I learned to fly in my dad’s IFR-equipped Cessna 172K, N84573. I did a google search on the registration number and found this page. It contains:
What does that mean? That the FAA mailed the form and that the owner has not returned it?
I found this trusty airplane sitting derelict at Fullerton Airport a few years ago. It’s oleo strut was streaked with black, the left main had no rubber and the right was flat, there was a rusty chain around the prop. It had been re-painted – poorly. (Here’s a photo of how it looked when dad bought it in 1976). The guard at the airport said it hadn’t flown in a year. This, as I mentioned, was about four or five years ago. I’m guessing – and this is only a guess – that it reached TBO and the owner could not afford to have the engine rebuilt. And so it sat and deteriorated.
I tried to contact the owner twice over two years to see if he wanted to sell it. I received no reply. A mechanic at Fullerton found my webpage and e-mailed me about it several months ago. It would be stupid to buy this aircraft. For what it would cost to get it flying again, I could buy one that’s already airworthy. But I hate seeing a perfectly good machine fall into ruin. And this particular machine gave me hours of fun and a lifetime of memories.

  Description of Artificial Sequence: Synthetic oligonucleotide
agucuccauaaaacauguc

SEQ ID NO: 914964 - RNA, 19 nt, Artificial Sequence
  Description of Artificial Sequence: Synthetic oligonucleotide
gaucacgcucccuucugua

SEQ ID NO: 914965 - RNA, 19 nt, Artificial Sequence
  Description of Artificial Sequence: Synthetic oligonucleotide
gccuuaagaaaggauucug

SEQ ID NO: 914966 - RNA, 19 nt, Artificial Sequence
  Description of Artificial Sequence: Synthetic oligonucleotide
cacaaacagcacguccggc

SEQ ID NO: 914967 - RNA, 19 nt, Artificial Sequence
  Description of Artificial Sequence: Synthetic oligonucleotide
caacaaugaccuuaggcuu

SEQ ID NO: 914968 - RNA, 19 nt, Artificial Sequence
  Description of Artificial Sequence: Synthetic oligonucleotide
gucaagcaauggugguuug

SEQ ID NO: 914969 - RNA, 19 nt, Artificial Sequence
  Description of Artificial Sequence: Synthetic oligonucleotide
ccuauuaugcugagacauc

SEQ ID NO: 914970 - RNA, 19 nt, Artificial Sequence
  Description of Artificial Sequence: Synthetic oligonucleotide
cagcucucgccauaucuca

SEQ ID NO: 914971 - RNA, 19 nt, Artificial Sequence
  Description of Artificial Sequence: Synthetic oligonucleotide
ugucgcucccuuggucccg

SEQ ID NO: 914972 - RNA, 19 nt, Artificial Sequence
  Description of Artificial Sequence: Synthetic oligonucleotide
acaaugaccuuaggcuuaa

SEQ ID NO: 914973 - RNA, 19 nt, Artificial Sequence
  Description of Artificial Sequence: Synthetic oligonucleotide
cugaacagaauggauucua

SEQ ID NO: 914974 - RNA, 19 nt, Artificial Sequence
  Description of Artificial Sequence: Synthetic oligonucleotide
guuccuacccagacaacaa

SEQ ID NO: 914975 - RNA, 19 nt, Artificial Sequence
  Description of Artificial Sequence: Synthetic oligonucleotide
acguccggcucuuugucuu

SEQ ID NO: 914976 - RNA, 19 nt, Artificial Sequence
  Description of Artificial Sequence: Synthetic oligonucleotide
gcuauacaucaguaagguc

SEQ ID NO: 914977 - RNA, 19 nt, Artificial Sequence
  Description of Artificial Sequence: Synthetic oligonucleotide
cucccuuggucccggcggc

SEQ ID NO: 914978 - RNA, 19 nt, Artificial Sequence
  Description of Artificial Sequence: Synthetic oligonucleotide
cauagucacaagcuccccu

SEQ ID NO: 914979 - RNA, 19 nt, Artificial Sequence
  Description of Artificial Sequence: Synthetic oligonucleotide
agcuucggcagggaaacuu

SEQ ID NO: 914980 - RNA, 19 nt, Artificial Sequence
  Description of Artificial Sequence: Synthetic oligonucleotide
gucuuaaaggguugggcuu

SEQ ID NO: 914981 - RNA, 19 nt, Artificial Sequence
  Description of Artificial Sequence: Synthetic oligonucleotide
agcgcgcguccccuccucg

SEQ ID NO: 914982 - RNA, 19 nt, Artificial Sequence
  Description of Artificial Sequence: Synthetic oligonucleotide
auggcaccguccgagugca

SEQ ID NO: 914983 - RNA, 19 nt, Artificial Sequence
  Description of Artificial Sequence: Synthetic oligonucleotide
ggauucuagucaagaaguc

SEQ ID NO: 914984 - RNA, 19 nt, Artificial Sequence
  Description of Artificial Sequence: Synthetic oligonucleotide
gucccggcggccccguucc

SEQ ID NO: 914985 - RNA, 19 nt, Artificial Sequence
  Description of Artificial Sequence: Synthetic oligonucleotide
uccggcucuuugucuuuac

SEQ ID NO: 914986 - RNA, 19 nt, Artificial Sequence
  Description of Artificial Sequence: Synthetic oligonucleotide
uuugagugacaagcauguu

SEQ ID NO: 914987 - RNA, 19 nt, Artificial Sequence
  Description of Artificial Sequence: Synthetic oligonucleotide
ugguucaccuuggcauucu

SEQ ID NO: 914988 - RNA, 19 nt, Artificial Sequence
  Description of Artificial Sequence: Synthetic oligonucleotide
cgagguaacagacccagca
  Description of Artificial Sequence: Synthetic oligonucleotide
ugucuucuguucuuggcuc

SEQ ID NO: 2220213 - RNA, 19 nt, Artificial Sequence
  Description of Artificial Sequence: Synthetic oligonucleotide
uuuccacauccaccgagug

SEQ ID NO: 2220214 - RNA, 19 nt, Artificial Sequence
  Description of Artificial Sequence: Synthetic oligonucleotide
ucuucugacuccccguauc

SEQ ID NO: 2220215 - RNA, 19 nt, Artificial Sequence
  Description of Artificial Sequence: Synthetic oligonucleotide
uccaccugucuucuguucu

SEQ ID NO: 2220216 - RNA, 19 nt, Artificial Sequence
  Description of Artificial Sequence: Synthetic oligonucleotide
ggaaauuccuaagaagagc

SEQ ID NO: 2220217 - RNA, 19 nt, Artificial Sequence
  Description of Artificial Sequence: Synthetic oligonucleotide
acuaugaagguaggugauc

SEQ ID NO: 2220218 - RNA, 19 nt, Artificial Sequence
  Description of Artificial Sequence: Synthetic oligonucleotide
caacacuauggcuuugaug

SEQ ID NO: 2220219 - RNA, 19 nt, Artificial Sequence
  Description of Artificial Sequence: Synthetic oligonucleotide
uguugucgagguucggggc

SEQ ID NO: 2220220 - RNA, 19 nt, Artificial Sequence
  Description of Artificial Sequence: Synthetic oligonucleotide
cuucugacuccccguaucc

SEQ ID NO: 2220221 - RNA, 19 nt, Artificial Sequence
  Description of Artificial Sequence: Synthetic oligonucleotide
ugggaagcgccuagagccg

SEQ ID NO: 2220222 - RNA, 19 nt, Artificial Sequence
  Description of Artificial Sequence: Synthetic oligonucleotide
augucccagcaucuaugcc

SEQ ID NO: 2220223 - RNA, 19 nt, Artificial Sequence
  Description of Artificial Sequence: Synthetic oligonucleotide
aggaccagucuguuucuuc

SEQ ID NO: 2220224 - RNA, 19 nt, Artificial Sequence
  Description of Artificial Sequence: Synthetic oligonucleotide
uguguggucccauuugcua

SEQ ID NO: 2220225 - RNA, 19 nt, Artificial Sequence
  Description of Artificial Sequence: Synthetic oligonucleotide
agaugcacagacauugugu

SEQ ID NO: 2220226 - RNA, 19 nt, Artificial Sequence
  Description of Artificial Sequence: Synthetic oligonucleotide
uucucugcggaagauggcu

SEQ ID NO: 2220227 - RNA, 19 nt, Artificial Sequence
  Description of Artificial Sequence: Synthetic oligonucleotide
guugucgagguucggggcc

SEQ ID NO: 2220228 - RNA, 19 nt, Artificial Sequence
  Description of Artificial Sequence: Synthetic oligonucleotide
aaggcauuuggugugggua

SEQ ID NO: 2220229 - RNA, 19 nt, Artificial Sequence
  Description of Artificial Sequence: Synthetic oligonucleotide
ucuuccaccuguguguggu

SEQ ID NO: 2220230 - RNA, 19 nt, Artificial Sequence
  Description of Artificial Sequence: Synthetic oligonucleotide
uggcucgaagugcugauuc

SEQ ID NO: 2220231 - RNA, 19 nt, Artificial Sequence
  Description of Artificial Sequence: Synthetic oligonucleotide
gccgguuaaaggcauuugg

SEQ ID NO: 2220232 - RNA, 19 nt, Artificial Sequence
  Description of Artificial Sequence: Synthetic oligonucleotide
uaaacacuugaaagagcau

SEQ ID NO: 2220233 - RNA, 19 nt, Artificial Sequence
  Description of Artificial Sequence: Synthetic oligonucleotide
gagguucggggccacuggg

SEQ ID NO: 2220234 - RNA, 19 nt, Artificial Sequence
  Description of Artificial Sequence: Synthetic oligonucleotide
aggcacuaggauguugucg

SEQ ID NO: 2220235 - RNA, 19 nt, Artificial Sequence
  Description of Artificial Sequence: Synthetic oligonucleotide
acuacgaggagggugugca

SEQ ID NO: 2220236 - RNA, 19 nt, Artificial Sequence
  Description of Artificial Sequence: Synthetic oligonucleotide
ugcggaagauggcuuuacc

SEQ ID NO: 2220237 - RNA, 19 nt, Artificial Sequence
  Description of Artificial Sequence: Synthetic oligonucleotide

What does it really need? Engine overhaul, certainly. New tires. Avionics testing and recertification. Maybe a new prop. (It wears the replacement provided after the original lost six inches of its tip while being delivered to dad in 1976.) Annual inspection, and repair of anything wrong that they find. New paint. (Actually, it will fly the same with the hideous paint; so that’s not a real priority.)
What will all of that cost, over and above the purchase price if the owner decides to sell?
What does the quoted statement mean?
If it means it’s not registered, what are the repercussions?
I sincerely hope that Mr. Lee either gets '573 airworthy again, or sells it to someone who will get it back in the air.